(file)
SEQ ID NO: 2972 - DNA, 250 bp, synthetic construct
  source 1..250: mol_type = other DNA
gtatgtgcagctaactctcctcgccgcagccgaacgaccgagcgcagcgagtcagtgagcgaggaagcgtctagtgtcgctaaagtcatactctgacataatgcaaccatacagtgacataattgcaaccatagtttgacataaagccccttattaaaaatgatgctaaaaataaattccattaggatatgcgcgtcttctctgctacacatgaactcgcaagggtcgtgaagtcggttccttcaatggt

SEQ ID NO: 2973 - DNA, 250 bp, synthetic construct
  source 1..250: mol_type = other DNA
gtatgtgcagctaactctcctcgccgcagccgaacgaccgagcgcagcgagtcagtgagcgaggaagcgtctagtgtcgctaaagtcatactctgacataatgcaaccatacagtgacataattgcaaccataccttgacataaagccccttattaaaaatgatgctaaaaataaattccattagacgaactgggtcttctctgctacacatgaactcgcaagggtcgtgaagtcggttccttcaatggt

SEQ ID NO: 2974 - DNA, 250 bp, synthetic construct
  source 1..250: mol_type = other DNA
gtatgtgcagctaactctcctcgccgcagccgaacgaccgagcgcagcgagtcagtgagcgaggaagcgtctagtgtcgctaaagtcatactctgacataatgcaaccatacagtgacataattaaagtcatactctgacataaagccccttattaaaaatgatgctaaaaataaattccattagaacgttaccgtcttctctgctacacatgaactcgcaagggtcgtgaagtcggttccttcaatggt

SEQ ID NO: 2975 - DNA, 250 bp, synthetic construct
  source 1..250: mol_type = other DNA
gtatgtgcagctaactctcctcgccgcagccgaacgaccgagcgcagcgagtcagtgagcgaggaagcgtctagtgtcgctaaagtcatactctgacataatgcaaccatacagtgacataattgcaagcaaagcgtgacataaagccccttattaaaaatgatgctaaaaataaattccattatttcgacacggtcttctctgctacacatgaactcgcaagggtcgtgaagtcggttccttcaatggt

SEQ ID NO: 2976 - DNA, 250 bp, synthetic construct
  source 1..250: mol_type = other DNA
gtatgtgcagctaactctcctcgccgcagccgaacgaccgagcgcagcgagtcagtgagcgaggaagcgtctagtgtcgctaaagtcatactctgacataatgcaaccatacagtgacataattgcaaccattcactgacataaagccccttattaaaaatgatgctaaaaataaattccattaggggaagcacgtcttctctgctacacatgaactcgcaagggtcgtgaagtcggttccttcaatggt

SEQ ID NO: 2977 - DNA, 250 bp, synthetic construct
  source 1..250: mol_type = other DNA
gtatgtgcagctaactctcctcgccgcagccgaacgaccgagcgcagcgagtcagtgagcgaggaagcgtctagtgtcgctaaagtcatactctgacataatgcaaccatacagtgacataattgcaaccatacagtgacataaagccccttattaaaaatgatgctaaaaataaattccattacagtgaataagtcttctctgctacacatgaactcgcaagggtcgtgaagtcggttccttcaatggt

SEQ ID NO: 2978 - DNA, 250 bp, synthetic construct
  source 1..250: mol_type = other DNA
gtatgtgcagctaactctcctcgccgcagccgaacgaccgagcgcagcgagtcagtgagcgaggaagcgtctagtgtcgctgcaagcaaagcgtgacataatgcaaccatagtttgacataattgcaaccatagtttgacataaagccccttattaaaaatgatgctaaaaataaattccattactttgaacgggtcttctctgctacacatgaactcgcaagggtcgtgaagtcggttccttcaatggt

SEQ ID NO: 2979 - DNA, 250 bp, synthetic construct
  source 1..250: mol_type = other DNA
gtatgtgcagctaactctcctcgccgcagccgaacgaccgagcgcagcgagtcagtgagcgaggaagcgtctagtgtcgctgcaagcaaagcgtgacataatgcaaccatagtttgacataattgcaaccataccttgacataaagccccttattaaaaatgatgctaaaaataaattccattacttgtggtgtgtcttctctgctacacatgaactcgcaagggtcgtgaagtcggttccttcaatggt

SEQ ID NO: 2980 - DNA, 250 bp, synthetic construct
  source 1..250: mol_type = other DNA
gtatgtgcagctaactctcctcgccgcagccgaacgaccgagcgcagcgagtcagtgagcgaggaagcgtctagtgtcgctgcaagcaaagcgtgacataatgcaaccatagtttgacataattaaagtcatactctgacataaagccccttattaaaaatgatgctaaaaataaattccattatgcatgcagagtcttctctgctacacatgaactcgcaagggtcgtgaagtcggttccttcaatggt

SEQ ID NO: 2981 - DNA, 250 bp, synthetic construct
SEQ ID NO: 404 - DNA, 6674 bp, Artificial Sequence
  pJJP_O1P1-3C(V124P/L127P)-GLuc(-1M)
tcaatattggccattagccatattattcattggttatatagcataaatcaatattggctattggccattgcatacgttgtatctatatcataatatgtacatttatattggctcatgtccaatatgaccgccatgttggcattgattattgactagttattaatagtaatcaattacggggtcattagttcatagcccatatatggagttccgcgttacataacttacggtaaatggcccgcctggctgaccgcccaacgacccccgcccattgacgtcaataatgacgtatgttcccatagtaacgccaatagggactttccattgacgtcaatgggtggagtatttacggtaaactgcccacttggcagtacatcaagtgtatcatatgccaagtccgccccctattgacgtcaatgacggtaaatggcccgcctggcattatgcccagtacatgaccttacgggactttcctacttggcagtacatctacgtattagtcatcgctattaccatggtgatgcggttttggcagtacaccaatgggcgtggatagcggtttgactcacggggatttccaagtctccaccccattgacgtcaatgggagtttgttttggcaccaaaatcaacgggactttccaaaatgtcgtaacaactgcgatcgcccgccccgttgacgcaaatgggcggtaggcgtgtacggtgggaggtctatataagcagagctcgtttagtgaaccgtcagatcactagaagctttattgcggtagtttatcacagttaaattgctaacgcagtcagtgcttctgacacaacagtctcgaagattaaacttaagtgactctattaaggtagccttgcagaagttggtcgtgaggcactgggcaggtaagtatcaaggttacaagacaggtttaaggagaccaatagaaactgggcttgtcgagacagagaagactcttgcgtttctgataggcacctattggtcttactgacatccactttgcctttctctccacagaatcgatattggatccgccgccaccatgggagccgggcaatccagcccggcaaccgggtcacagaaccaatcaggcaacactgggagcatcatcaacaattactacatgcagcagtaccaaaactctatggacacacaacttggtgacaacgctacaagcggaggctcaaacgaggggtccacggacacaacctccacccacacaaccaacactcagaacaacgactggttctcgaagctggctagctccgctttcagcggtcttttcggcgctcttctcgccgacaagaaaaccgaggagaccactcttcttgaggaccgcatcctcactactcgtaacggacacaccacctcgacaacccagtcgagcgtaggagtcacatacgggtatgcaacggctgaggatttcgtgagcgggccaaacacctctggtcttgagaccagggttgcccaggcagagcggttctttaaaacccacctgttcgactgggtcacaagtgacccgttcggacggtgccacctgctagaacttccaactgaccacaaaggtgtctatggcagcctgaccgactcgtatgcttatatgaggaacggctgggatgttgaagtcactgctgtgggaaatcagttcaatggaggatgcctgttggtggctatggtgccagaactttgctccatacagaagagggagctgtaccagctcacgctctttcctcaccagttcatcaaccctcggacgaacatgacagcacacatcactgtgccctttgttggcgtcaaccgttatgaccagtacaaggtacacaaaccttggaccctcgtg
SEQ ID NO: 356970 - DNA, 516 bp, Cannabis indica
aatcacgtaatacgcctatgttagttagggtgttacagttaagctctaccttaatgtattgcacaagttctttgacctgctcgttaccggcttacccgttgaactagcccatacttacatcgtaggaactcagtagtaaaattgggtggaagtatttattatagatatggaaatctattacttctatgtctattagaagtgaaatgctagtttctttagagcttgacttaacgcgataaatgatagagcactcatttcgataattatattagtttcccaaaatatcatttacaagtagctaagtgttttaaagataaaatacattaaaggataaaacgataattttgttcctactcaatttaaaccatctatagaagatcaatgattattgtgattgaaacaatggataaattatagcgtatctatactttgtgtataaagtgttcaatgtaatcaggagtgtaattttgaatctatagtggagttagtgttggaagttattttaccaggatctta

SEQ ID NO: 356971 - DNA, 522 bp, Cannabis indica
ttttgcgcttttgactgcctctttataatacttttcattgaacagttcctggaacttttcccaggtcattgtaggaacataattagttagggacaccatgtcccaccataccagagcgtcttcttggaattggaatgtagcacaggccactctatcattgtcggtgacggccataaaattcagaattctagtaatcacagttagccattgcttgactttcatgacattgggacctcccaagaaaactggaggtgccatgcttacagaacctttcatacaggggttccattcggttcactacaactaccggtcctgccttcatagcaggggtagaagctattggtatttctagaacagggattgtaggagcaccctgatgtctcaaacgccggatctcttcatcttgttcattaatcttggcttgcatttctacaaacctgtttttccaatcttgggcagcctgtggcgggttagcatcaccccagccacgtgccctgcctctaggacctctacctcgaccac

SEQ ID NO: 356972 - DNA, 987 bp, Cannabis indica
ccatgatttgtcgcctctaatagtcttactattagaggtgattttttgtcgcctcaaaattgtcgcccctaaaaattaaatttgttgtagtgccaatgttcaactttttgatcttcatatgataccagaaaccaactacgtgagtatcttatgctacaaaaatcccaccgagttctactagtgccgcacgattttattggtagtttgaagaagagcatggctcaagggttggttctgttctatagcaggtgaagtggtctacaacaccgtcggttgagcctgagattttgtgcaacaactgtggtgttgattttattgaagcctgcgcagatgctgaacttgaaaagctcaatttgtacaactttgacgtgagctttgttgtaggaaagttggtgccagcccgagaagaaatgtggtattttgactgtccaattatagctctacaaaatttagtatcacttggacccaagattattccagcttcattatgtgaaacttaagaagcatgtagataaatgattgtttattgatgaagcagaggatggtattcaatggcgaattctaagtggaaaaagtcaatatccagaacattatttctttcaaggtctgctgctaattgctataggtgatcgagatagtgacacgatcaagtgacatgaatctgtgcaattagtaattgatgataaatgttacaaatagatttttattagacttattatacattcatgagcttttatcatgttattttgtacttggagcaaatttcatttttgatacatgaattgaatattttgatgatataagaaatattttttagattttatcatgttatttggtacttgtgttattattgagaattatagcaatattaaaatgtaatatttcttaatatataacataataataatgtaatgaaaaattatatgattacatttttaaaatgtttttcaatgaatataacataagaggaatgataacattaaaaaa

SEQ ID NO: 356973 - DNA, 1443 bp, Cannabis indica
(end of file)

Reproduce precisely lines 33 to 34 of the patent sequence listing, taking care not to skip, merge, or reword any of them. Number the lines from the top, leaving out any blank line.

aatcacgtaatacgcctatgttagttagggtgttacagttaagctctaccttaatgtattgcacaagttctttgacctgctcgttaccggcttacccgttgaactagcccatacttacatcgtaggaactcagtagtaaaattgggtggaagtatttattatagatatggaaatctattacttctatgtctattagaagtgaaatgctagtttctttagagcttgacttaacgcgataaatgatagagcactcatttcgataattatattagtttcccaaaatatcatttacaagtagctaagtgttttaaagataaaatacattaaaggataaaacgataattttgttcctactcaatttaaaccatctatagaagatcaatgattattgtgattgaaacaatggataaattatagcgtatctatactttgtgtataaagtgttcaatgtaatcaggagtgtaattttgaatctatagtggagttagtgttggaagttattttaccaggatctta

SEQ ID NO: 356971 - DNA, 522 bp, Cannabis indica